Running a Successful Campaign: 10 Steps to a Sweatfree Community

Because political climates and organizing opportunities vary in states, cities and schools across the country, every sweatfree campaign will be different. The steps below are common to many successful campaigns so far. They are not necessarily in linear succession. For example, the goals evolve over time, and the campaigners constantly build the coalition and educate the public, both before the policy is passed and afterwards to ensure enforcement.

1. Define Your Campaign Goal
Decide which parts of your community can become sweatfree. Look to your areas of strength. If high school students and teachers are prominent in your group, you may want to focus on a school district campaign. If you have been part of a living wage campaign and have good rapport with the city council, you may want to focus on a city purchasing policy. You can also work to pass a statewide policy.

2. Build a Coalition
To ensure your message is strong and convincing, pull together a large and diverse sweatfree coalition. Think broadly. Reach out to groups that have overlapping goals with your campaign or have self-interest in the campaign, such as expanding their outreach to the local community. This will not only deepen their commitment to your campaign but also allow you to reciprocate support for their work. For example:

Local labor unions and anti-sweatshop groups
Immigrant worker groups
Faith-based groups and clergy
Asian, African, Latin American solidarity groups
Parents, teachers, and children
High school youth groups and university student groups
Community groups, peace and social justice committees, and human    rights organizations
Public health groups, environmental groups
Small progressive businesses

3. Organize the Group
Find a couple of people (in addition to yourself) who can take a leadership role. Find people who will take the core responsibilities, and others who will help when needed. Set regular meeting location and times. The clearer the expectations of everyone and the clearer the group process, the more comfortable group members will be.

4. Research: Where Does Your Money Go?
Research the major purchases of the institution you are targeting. For example, where are your city’s police uniforms made? If you can identify specific companies or factories, find any studies or independent human rights reports on them. Learn as much as you can about the regions where the uniforms are made. Also try to find alternative sweatfree sources where the uniforms could be made.

5. Evaluate the Political Climate in Your Community
Who are the members of the elected bodies that control purchasing policies for your city, town, county, or school district? Who will be supportive of your efforts, and who is the best member to sponsor the policy. In bodies whose members represent a variety of political stripes, you might try to get one cosponsor from different political parties. Also identify political leaders who oppose your efforts. Why are they opposed and how will you counter their arguments?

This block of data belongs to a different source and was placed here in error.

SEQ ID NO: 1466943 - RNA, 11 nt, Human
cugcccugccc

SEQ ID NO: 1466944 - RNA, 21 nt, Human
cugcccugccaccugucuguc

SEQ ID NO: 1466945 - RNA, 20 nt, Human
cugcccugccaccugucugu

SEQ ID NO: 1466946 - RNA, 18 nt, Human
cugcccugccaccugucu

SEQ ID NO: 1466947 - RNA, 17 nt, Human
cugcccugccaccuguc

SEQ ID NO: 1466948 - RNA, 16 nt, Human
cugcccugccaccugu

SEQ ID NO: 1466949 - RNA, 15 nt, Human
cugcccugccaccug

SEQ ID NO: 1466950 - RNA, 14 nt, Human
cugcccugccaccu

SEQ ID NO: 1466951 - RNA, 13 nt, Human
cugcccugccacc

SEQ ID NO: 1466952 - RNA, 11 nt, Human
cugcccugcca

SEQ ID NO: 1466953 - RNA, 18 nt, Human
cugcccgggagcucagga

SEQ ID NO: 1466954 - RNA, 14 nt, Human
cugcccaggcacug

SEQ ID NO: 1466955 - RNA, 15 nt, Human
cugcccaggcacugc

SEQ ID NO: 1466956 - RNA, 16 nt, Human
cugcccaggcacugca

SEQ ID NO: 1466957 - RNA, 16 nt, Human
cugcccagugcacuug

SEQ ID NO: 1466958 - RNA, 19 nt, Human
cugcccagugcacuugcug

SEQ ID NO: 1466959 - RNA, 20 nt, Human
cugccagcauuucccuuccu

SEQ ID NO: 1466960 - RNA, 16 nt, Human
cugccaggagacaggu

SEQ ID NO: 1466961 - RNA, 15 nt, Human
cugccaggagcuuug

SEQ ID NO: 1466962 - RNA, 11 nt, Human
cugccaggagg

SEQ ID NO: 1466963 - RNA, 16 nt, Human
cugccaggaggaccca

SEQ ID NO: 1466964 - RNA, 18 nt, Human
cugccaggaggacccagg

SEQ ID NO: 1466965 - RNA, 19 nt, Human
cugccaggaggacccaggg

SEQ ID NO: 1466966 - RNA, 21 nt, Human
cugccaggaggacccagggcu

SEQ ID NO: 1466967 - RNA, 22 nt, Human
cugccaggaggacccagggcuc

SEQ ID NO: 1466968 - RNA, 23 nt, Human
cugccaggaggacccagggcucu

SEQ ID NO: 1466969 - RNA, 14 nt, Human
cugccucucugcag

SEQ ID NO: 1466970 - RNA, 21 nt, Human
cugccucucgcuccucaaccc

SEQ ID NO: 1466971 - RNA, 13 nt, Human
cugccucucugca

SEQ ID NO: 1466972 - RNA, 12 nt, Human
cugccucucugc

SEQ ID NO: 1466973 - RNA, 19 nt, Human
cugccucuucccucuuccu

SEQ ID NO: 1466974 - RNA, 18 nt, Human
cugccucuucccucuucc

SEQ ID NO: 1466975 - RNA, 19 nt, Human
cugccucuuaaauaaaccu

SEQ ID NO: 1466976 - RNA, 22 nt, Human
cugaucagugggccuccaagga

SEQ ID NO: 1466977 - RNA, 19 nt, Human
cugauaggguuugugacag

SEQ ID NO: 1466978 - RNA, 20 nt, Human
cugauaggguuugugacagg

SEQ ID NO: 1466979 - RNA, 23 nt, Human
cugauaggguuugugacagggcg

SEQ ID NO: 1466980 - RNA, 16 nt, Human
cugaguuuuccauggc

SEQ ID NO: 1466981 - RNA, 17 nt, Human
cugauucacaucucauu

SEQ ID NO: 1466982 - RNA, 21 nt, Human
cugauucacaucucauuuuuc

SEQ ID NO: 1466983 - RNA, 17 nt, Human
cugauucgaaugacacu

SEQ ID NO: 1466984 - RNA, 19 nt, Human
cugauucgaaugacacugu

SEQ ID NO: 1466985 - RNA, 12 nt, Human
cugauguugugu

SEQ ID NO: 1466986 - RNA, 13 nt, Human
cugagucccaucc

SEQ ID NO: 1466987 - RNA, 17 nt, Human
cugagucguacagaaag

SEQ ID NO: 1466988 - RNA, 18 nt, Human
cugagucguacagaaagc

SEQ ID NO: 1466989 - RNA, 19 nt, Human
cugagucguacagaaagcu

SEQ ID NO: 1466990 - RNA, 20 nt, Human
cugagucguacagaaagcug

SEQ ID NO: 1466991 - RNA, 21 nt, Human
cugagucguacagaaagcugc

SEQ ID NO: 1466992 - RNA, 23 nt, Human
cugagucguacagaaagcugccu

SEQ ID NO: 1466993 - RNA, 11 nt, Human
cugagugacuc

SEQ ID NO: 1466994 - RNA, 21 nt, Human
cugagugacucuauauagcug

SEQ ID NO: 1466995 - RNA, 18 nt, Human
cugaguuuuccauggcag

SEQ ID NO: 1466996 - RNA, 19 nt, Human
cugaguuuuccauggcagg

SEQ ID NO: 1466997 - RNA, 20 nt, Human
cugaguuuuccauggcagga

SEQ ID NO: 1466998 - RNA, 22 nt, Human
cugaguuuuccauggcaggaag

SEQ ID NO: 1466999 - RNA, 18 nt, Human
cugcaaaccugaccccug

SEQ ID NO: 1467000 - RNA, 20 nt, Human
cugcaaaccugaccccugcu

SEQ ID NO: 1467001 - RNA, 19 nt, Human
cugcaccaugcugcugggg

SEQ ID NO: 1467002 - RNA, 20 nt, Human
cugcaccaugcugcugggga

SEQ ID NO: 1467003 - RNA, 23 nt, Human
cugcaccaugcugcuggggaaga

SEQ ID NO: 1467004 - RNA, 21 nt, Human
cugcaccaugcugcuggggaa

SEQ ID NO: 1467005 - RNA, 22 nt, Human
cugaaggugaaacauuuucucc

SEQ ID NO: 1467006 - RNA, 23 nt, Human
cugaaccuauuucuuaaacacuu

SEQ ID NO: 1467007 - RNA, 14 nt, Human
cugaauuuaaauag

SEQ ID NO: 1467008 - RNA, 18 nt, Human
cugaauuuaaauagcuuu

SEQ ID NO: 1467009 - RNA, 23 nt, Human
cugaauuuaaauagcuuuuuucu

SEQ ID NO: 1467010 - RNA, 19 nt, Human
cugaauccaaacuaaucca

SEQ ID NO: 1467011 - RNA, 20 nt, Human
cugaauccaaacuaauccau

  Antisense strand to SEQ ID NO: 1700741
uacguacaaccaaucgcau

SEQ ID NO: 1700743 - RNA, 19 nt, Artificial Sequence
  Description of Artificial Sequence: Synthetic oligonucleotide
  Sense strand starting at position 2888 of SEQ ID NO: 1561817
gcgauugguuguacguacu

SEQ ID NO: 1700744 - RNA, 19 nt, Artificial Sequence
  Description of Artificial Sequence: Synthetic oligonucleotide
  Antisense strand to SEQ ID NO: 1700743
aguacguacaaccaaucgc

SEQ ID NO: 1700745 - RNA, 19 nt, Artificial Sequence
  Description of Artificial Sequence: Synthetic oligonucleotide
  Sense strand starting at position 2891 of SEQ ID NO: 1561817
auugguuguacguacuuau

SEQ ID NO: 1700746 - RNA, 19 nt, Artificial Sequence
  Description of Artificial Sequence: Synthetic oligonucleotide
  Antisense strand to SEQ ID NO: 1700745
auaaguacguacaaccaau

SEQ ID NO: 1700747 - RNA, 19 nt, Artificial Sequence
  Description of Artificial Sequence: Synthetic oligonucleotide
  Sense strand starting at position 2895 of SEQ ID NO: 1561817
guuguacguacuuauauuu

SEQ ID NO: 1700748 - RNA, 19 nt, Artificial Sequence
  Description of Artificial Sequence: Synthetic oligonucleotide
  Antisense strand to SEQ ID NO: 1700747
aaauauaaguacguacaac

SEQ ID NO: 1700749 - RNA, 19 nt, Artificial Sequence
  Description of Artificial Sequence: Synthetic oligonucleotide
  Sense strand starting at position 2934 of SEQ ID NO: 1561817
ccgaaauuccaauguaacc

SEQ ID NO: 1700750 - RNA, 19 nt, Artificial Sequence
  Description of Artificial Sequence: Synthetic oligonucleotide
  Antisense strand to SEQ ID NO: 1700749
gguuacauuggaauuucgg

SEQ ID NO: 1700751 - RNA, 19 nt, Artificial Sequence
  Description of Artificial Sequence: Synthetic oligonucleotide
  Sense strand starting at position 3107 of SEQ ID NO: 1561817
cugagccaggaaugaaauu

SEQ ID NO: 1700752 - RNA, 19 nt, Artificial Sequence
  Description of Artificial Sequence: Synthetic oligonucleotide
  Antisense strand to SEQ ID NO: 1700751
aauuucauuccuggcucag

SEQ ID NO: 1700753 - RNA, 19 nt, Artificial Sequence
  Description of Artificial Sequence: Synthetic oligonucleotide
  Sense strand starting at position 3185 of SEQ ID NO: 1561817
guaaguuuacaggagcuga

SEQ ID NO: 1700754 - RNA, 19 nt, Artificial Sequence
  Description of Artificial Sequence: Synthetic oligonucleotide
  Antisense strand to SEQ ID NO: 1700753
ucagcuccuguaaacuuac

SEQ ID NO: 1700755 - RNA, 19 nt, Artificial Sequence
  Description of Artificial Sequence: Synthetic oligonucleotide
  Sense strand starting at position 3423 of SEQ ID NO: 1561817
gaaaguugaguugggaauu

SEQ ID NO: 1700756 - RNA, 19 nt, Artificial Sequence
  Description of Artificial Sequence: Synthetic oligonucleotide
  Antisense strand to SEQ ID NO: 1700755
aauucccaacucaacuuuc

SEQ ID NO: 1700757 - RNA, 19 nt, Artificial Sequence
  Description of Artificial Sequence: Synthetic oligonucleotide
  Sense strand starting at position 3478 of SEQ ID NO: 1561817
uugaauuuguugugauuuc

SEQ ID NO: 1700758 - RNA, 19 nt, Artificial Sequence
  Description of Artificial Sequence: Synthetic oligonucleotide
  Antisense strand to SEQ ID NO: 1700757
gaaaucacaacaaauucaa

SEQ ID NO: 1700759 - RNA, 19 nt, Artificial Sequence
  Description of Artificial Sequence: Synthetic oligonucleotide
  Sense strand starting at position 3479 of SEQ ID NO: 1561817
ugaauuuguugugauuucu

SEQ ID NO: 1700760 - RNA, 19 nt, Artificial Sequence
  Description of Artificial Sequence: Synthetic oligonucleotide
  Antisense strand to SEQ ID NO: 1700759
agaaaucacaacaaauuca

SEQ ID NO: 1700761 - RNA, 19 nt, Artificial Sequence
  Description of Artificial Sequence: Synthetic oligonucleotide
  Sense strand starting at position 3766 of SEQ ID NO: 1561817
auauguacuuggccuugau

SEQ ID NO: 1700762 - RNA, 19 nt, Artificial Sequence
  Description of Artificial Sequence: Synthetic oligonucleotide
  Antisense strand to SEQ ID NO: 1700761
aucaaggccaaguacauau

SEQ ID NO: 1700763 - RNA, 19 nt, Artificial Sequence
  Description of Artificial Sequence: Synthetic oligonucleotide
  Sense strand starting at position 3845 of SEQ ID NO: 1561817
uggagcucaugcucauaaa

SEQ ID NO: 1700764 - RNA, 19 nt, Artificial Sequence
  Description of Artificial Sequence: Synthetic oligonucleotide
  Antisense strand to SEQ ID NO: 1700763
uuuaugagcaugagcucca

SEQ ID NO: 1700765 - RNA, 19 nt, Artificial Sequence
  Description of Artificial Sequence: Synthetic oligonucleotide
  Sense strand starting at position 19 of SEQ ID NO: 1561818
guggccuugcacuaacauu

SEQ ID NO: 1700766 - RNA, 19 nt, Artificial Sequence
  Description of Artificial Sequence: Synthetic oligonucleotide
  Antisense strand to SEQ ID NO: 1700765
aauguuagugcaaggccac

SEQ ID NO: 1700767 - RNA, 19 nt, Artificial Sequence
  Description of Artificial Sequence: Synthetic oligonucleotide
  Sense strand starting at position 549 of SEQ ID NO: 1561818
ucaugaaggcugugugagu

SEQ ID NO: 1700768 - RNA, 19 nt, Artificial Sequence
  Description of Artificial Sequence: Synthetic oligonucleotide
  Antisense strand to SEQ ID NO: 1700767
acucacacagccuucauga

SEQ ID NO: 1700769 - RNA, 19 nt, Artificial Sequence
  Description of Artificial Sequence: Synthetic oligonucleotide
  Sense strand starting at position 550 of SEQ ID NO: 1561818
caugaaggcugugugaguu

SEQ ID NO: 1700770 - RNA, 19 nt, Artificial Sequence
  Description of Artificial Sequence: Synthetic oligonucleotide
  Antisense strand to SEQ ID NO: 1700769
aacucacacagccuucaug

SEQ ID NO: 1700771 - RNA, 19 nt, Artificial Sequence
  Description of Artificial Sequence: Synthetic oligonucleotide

Students and unions rally on May 25, 2005 for the No Sweat Connecticut law.





6. Educate
Build community support for the sweatfree purchasing policy. Offer to give a presentation on the campaign at other group’s events and meetings or in relevant classes. You can organize your own speaking events. Invite experts to speak and show educational films on sweatshops. See “Fundraising Guide” for how to host a house party, and available speakers and trainers. See “Resources” for a list of current films. Hold letter writing events and petition drives. Collecting petition signatures is a great way for lots of volunteers to get involved and talk to people face to face (see “Sample Petition”).

7. Mobilize and Work with the Media
When appropriate, organize creative actions with your coalition and use the media to let your local officials know that you are serious about ensuring our tax dollars are not supporting sweatshops. See “How to Work with the Media.” Hold a press conference with your coalition and the official policy sponsors to officially launch the campaign. Members of your coalition can get on talk radio shows, write their own letters to the editor or opinion-editorials and pitch it to local papers. The media is a great outlet to educate the public about sweatshops, and win their support for the policy.

8. Make Your Case to the Elected Body
When meeting with decision makers, remember to:

Present the best-possible policy. It is much easier to negotiate down than to start with a not-so-good policy and try to improve it through negotiation. (See “Sample policy.”)
Bring evidence of widespread community support, for example, a list of coalition partners or endorsing organizations, petition signatures, or letters of support allies and important political constituents.
Anticipate challenging questions and be prepared to answer them. If possible present the decision makers with an attractive and well-organized packet of information that makes your case for the policy.
At a public hearing, it is key to have testimonies from workers and coalition partners.

9. Implementation and Monitoring
The policy will be symbolic at best if it is not implemented and enforced. Once a policy has passed, work with the administrators and elected officials to develop the implementation plan. In order to enforce the policy, they should commit part of the budget to pay for independent monitors and possibly additional local enforcement staff (see Policy Toolbox for details). Make sure your group stays involved monitoring contracts, researching possible code violations, and helping to resolve issues of implementation and enforcement. Consider building on your momentum to get the policy adopted by other institutions.

10. Celebrate your victories!
Celebrate when you reach your objectives, both large and small. Recognize the work of volunteers. Make it fun!